1. KILLING JOKE were always a bit lumpen for my taste (being more of an NME boy than a Sounds one; more inclined towards ABC and Haircut 100), but there are plenty who’d disagree (Nirvana, say, or Nine Inch Nails or our own Shihad), and there’ll be no shortage of takers for the band’s first-ever New Zealand concerts, a singles-focused endeavour featuring both key original members, Jaz Coleman and Youth. The Studio, Auckland, June 13; Bodega, Wellington, June 14. And hey, there are times when a spot of lumpenness hits the spot even for a Haircut 100 fan:
2. The Okareka Dance Company are taking Auckland’s Karangahape Rd to the city’s Queen St and then on to the rest of the country when they tour K’ RD STRIP, a celebration of the infamous district that includes pole dancing, drag queens, haka and more, all to a soundtrack featuring Th’Dudes, Annie Crummer and Gin Wigmore. Q Theatre, Auckland, June 11-15; Mangere Arts Centre, June 19-22; The Regent, Dunedin, June 28-29; Gallagher Academy of Performing Arts, Hamilton, July 2 and 3; Centennial Drive Auditorium, Palmerston North, July 6; Downstage Theatre, Wellington, July 10-13. Continuing the central Auckland vibe, but this time not touring beyond central Auckland, F*** LOVE is a play by Sarah Graham inspired by the “epic tales of complicated love and heartache” she’s heard over the past two years during drunken conversations with women in bars and at parties. Basement Studio, Auckland, June 11-22.
3. Classical groups do have a finite life – or at least some of them do (others just reform and reform forever). The TOKYO STRING QUARTET are calling it a day after their two longest-serving members decided to retire and are performing a farewell tour. Auckland Town Hall, June 14; Wellington Town Hall, June 15.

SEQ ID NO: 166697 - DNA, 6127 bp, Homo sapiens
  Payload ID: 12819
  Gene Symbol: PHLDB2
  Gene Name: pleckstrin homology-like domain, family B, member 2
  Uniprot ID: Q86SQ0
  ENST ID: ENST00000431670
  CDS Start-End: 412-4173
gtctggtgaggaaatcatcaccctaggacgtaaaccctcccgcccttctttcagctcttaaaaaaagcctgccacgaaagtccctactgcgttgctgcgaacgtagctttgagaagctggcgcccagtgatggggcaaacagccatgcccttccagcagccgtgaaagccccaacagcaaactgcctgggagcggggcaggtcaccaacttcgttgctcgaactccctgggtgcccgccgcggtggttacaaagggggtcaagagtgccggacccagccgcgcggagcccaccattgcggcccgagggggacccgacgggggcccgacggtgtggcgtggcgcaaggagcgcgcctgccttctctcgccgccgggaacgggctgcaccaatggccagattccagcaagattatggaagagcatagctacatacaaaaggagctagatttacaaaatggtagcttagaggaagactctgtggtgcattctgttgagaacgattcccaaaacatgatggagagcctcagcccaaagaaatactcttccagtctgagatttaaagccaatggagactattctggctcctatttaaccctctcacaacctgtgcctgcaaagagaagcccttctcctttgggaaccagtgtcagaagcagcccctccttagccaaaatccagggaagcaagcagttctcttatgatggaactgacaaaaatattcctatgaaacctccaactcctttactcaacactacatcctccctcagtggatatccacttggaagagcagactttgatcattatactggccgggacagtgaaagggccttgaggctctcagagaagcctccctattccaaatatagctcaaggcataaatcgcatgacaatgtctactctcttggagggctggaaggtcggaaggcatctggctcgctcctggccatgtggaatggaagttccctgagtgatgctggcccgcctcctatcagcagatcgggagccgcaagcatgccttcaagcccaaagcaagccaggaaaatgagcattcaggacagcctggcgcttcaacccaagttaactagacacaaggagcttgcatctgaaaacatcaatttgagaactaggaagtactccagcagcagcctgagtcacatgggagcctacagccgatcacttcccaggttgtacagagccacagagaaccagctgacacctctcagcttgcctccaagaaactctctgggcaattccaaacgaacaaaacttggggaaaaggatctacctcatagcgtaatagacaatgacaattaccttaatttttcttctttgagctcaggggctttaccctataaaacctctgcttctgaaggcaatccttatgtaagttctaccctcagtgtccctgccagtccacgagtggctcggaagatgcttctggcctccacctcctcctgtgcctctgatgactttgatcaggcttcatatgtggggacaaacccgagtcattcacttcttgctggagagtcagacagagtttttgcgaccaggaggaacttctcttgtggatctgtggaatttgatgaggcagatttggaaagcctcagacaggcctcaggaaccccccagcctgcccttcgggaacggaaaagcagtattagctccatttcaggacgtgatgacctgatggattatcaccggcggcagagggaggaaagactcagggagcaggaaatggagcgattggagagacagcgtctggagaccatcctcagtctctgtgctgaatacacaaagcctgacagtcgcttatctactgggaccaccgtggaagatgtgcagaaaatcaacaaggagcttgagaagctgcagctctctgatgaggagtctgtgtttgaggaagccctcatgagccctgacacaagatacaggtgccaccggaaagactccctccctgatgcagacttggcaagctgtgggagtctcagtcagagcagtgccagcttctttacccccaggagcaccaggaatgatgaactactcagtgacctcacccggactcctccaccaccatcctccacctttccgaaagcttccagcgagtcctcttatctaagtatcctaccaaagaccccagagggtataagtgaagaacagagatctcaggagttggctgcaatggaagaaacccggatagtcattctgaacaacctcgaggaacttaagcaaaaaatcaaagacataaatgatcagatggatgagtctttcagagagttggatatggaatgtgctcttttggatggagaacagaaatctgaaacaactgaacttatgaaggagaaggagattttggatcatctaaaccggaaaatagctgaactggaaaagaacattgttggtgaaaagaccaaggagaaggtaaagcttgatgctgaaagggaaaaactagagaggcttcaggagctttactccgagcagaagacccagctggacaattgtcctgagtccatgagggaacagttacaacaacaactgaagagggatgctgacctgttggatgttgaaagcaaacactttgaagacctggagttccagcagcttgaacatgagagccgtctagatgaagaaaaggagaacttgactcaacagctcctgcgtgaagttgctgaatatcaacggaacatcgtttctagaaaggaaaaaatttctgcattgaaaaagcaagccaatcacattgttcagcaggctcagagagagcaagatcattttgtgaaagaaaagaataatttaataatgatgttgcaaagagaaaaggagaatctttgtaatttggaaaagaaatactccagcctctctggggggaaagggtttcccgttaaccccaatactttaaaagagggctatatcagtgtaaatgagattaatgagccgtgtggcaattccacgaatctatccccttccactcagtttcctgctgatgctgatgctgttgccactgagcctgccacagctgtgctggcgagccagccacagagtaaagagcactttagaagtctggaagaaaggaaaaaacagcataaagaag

4. As art writer Mark Amery points out in a review in the Dominion Post, the BEAUTIFUL CREATURES exhibition at Wellington’s Adam Art Gallery makes a good complement to Te Papa’s blockbuster WARHOL: IMMORTAL (until August 25; to be reviewed in a forthcoming Listener), featuring as it does both work that influenced Warhol and was influenced by him. The exhibition focuses on the aesthetical appeal of youth and also includes 15 photographs by Australian Bill Henson, whose work has walked a precarious line and provoked controversy as well as acclaim over the ditch. Until July 7.
5. You’ve read the book, you won’t be seeing the film, but you can see the stage show: THE EXERCISE BOOK LIVE, in which the exercises used to flex students’ writing muscles at Victoria University’s International Institute of Modern Letters are put into practice both in front of and with audiences. Yes, that’s right: it’s interactive! Those taking part include poets Helen Heath and Sarah Jane Barnett and writers Dave Armstrong, Lawrence Patchett and Emma Martin. Bats Theatre, Wellington, June 13 (poetry), 14 (prose) and 15 (scripts).
Now, I don’t know about you, but the mere mention of their name sends me down to the lake, I fear …